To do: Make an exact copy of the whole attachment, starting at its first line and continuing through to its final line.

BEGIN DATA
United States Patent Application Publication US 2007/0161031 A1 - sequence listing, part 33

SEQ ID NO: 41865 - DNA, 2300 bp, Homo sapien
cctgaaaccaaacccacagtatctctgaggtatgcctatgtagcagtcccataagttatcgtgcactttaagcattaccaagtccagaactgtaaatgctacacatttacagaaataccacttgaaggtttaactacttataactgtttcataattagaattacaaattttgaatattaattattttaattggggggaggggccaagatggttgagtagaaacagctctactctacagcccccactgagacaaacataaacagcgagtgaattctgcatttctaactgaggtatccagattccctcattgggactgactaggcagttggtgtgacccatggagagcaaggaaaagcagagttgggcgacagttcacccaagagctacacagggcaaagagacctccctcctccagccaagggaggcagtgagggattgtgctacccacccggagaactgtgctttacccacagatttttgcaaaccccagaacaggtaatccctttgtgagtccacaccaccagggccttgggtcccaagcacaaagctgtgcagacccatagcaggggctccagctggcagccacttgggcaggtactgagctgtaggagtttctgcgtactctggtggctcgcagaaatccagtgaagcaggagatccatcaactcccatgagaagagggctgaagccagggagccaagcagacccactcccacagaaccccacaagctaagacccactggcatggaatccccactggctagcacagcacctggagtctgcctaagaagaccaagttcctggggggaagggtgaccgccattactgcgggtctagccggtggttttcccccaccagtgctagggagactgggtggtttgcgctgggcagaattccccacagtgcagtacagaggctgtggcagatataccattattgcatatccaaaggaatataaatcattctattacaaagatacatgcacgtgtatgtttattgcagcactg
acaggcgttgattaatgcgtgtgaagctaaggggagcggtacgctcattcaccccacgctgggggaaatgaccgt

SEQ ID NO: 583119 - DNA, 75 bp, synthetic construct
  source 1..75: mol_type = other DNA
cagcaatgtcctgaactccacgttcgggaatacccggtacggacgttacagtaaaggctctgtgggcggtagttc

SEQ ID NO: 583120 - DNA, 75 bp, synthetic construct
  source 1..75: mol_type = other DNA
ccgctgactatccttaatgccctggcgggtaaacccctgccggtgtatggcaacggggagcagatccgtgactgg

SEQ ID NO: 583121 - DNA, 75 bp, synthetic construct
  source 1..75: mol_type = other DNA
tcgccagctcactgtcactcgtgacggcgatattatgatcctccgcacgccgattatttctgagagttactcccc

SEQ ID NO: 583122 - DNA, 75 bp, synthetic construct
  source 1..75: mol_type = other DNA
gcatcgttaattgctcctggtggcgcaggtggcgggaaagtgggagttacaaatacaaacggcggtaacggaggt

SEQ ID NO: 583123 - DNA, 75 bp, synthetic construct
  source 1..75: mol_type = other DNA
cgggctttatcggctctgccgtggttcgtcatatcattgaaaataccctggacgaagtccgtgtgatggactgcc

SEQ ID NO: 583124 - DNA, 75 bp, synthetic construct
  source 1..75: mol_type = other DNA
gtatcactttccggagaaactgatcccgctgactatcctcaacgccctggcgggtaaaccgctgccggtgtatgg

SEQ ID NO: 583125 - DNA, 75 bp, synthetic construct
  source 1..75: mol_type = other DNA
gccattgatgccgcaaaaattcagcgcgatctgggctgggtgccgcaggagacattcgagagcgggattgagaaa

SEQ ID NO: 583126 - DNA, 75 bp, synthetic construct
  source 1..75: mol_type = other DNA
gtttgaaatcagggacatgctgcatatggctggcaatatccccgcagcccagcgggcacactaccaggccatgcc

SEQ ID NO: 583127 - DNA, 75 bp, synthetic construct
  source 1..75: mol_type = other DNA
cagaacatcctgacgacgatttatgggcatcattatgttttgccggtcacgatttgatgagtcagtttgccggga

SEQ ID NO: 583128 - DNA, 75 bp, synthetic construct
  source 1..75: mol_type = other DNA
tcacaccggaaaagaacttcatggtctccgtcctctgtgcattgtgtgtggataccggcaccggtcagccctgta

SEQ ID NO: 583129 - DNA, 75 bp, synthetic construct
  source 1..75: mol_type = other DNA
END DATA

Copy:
United States Patent Application Publication US 2007/0161031 A1 - sequence listing, part 33

SEQ ID NO: 41865 - DNA, 2300 bp, Homo sapien
cctgaaaccaaacccacagtatctctgaggtatgcctatgtagcagtcccataagttatcgtgcactttaagcattaccaagtccagaactgtaaatgctacacatttacagaaataccacttgaaggtttaactacttataactgtttcataattagaattacaaattttgaatattaattattttaattggggggaggggccaagatggttgagtagaaacagctctactctacagcccccactgagacaaacataaacagcgagtgaattctgcatttctaactgaggtatccagattccctcattgggactgactaggcagttggtgtgacccatggagagcaaggaaaagcagagttgggcgacagttcacccaagagctacacagggcaaagagacctccctcctccagccaagggaggcagtgagggattgtgctacccacccggagaactgtgctttacccacagatttttgcaaaccccagaacaggtaatccctttgtgagtccacaccaccagggccttgggtcccaagcacaaagctgtgcagacccatagcaggggctccagctggcagccacttgggcaggtactgagctgtaggagtttctgcgtactctggtggctcgcagaaatccagtgaagcaggagatccatcaactcccatgagaagagggctgaagccagggagccaagcagacccactcccacagaaccccacaagctaagacccactggcatggaatccccactggctagcacagcacctggagtctgcctaagaagaccaagttcctggggggaagggtgaccgccattactgcgggtctagccggtggttttcccccaccagtgctagggagactgggtggtttgcgctgggcagaattccccacagtgcagtacagaggctgtggcagatataccattattgcatatccaaaggaatataaatcattctattacaaagatacatgcacgtgtatgtttattgcagcactg
acaggcgttgattaatgcgtgtgaagctaaggggagcggtacgctcattcaccccacgctgggggaaatgaccgt

SEQ ID NO: 583119 - DNA, 75 bp, synthetic construct
  source 1..75: mol_type = other DNA
cagcaatgtcctgaactccacgttcgggaatacccggtacggacgttacagtaaaggctctgtgggcggtagttc

SEQ ID NO: 583120 - DNA, 75 bp, synthetic construct
  source 1..75: mol_type = other DNA
ccgctgactatccttaatgccctggcgggtaaacccctgccggtgtatggcaacggggagcagatccgtgactgg

SEQ ID NO: 583121 - DNA, 75 bp, synthetic construct
  source 1..75: mol_type = other DNA
tcgccagctcactgtcactcgtgacggcgatattatgatcctccgcacgccgattatttctgagagttactcccc

SEQ ID NO: 583122 - DNA, 75 bp, synthetic construct
  source 1..75: mol_type = other DNA
gcatcgttaattgctcctggtggcgcaggtggcgggaaagtgggagttacaaatacaaacggcggtaacggaggt

SEQ ID NO: 583123 - DNA, 75 bp, synthetic construct
  source 1..75: mol_type = other DNA
cgggctttatcggctctgccgtggttcgtcatatcattgaaaataccctggacgaagtccgtgtgatggactgcc

SEQ ID NO: 583124 - DNA, 75 bp, synthetic construct
  source 1..75: mol_type = other DNA
gtatcactttccggagaaactgatcccgctgactatcctcaacgccctggcgggtaaaccgctgccggtgtatgg

SEQ ID NO: 583125 - DNA, 75 bp, synthetic construct
  source 1..75: mol_type = other DNA
gccattgatgccgcaaaaattcagcgcgatctgggctgggtgccgcaggagacattcgagagcgggattgagaaa

SEQ ID NO: 583126 - DNA, 75 bp, synthetic construct
  source 1..75: mol_type = other DNA
gtttgaaatcagggacatgctgcatatggctggcaatatccccgcagcccagcgggcacactaccaggccatgcc

SEQ ID NO: 583127 - DNA, 75 bp, synthetic construct
  source 1..75: mol_type = other DNA
cagaacatcctgacgacgatttatgggcatcattatgttttgccggtcacgatttgatgagtcagtttgccggga

SEQ ID NO: 583128 - DNA, 75 bp, synthetic construct
  source 1..75: mol_type = other DNA
tcacaccggaaaagaacttcatggtctccgtcctctgtgcattgtgtgtggataccggcaccggtcagccctgta

SEQ ID NO: 583129 - DNA, 75 bp, synthetic construct
  source 1..75: mol_type = other DNA